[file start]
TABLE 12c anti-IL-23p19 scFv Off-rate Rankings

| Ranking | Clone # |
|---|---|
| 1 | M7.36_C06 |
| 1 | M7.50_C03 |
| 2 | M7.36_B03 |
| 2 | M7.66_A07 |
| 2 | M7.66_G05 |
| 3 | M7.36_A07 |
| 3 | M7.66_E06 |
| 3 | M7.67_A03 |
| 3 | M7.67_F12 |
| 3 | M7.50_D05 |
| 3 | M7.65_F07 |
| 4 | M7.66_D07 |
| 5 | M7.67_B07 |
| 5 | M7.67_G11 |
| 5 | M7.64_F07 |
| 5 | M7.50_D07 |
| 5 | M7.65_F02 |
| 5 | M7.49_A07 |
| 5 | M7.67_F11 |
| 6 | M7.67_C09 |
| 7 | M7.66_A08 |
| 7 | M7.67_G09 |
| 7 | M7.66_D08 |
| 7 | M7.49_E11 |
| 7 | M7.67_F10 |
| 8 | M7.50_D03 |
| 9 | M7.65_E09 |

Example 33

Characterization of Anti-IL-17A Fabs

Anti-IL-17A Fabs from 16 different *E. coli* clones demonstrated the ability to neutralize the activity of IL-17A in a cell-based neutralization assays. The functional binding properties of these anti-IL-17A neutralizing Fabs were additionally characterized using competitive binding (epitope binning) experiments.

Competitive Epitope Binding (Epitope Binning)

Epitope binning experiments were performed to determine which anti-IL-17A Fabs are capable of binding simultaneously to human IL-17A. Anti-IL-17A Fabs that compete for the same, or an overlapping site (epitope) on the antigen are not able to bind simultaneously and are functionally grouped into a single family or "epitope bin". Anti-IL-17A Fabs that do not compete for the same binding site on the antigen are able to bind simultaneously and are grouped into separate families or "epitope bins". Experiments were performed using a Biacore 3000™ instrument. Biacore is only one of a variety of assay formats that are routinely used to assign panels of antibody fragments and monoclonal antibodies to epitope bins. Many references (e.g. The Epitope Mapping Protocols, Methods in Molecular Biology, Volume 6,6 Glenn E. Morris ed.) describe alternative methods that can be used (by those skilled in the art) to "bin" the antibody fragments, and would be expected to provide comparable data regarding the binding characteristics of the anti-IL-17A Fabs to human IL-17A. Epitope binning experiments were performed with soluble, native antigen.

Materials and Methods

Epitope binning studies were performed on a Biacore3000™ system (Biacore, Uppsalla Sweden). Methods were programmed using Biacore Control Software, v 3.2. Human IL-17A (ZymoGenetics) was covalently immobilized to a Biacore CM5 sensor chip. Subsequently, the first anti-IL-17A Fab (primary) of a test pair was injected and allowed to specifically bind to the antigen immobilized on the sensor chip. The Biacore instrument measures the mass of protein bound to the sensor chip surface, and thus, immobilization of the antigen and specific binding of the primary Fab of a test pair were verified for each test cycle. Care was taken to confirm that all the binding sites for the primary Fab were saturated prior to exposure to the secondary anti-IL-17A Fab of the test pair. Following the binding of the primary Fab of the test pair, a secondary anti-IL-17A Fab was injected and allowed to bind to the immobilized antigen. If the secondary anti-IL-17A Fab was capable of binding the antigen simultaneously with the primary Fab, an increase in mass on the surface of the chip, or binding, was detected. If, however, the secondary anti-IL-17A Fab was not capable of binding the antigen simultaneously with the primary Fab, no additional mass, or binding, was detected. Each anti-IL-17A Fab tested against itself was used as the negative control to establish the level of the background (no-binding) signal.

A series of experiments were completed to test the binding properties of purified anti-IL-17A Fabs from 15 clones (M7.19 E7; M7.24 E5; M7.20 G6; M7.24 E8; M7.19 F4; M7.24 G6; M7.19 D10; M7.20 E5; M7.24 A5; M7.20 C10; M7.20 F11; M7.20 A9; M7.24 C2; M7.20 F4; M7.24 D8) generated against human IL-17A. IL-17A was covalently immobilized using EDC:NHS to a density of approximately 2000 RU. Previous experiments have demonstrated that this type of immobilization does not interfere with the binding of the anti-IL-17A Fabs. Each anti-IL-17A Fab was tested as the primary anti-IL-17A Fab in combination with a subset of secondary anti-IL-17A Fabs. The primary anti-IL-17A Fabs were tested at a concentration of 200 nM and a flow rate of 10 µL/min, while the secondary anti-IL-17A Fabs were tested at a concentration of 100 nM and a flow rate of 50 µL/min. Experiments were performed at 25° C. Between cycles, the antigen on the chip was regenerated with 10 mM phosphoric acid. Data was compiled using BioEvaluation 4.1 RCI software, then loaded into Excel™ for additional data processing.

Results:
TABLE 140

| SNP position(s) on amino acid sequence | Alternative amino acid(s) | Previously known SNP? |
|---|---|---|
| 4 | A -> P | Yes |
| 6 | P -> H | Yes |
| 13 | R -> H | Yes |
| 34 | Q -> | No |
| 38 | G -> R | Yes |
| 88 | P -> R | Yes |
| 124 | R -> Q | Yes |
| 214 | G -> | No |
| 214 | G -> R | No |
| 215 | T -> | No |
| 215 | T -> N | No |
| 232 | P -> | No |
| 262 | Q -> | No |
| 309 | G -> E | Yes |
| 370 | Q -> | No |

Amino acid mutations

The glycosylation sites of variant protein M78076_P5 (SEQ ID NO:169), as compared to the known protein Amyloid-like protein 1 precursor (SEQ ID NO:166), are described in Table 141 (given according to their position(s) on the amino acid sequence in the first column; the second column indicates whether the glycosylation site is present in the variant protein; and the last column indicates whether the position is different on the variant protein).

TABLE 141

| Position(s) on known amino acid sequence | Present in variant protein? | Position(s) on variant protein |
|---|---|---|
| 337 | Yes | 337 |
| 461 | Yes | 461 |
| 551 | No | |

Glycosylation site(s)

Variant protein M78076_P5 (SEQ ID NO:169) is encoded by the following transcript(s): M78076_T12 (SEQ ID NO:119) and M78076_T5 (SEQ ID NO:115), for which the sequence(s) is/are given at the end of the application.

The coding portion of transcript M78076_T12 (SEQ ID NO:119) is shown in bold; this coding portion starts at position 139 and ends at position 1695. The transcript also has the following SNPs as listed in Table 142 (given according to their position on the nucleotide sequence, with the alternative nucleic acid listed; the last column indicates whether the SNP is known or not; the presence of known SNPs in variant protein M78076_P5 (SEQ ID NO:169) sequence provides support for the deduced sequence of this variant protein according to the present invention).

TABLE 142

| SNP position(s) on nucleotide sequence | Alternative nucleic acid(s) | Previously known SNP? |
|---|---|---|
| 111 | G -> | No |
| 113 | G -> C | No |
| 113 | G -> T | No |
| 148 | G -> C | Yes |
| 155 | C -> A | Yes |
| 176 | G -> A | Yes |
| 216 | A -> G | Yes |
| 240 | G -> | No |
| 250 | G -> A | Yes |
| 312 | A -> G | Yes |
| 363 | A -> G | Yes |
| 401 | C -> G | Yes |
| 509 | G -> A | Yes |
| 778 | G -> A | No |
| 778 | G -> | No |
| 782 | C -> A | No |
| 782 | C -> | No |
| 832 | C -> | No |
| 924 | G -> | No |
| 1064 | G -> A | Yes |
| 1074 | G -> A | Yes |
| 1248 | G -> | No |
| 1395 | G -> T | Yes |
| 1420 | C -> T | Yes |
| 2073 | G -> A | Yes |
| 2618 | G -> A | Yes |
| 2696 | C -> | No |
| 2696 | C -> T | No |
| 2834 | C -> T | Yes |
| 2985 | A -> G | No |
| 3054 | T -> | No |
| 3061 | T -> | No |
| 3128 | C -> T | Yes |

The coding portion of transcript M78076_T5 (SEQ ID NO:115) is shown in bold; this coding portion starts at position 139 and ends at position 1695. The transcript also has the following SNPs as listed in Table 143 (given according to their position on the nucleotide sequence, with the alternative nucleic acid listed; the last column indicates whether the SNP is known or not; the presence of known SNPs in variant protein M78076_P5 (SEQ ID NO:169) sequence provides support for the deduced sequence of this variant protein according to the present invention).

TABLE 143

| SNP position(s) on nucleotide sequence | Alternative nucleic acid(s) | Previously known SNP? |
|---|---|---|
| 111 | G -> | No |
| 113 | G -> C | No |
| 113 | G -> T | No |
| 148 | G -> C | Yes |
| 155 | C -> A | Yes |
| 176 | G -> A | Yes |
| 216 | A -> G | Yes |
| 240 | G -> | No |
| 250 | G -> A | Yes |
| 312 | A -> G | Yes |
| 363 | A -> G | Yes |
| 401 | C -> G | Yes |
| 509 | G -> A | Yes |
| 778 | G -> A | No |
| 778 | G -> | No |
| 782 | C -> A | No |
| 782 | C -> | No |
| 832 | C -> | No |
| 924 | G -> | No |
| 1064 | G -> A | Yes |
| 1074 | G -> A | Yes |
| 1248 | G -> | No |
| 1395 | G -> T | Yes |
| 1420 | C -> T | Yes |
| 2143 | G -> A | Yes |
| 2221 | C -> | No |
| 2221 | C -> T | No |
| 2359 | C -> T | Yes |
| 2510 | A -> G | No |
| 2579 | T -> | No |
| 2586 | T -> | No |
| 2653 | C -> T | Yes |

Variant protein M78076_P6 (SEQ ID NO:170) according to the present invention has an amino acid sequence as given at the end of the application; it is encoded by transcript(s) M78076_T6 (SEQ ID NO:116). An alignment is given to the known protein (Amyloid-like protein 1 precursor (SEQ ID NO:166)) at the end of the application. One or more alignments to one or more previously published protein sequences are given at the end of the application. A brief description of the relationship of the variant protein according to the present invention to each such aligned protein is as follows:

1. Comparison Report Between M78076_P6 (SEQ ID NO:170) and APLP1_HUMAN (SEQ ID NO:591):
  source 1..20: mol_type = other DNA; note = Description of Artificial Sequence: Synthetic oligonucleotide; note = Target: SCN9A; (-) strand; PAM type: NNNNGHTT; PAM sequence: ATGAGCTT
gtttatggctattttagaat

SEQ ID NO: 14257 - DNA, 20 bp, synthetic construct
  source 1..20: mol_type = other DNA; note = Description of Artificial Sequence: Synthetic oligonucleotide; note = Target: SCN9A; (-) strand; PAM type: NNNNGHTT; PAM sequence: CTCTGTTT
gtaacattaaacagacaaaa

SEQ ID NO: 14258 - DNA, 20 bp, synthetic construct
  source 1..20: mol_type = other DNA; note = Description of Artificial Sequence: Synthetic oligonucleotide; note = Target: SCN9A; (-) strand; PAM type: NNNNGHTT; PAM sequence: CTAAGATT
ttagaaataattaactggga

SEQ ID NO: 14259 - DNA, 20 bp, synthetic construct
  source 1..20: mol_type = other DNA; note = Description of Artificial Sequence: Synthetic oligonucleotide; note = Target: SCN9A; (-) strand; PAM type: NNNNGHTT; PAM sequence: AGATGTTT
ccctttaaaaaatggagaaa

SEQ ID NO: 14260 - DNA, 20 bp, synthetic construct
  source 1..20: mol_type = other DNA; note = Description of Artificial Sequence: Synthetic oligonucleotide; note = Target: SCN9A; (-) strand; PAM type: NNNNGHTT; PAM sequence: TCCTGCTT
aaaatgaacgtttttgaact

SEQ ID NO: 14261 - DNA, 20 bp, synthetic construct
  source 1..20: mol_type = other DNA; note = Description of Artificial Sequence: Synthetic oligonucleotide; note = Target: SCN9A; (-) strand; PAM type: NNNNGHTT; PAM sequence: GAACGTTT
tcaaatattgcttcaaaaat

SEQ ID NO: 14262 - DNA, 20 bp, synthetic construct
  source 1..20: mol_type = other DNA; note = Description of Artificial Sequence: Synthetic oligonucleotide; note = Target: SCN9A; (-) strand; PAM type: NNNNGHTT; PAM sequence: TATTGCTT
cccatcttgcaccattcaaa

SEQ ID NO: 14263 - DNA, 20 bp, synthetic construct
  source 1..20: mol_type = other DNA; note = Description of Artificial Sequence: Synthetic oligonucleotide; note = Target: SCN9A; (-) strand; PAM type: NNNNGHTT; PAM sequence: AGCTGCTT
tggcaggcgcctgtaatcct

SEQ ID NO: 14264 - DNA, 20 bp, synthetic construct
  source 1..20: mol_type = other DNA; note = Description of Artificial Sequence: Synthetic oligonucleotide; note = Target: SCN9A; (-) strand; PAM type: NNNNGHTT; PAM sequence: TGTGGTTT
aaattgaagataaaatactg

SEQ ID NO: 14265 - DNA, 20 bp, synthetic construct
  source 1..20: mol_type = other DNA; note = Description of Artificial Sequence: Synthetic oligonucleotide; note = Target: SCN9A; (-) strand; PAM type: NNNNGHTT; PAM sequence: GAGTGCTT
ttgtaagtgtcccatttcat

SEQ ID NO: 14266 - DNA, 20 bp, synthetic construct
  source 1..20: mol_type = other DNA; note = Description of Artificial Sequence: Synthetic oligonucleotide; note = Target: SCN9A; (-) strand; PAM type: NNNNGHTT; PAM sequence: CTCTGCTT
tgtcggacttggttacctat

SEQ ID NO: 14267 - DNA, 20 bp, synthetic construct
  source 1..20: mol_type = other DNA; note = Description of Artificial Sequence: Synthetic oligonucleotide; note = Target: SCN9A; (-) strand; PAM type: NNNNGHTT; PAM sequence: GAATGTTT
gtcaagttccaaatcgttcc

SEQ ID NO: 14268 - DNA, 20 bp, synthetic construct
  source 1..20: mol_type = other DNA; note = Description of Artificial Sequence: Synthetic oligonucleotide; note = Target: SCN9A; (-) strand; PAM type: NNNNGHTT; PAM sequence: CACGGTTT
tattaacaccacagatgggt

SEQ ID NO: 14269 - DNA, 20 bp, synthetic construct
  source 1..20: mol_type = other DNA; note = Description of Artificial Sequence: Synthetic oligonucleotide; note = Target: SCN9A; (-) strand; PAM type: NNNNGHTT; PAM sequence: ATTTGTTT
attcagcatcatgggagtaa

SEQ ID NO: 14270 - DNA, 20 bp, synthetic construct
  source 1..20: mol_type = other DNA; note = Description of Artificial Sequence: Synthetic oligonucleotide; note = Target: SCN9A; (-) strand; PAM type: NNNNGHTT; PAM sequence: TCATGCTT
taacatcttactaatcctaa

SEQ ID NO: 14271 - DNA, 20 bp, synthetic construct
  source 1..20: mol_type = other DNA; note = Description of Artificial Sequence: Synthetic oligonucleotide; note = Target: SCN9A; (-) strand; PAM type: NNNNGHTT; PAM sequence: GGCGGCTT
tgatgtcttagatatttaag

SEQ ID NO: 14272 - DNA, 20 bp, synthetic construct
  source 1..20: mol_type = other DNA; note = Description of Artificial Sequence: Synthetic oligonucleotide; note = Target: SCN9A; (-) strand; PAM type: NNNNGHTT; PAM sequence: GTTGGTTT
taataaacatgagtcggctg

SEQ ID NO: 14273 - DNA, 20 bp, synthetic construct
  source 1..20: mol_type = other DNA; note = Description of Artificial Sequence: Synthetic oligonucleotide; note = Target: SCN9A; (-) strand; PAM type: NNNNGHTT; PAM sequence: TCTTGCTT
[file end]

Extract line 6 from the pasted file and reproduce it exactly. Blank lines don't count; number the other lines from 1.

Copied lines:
| 2 | M7.36_B03 |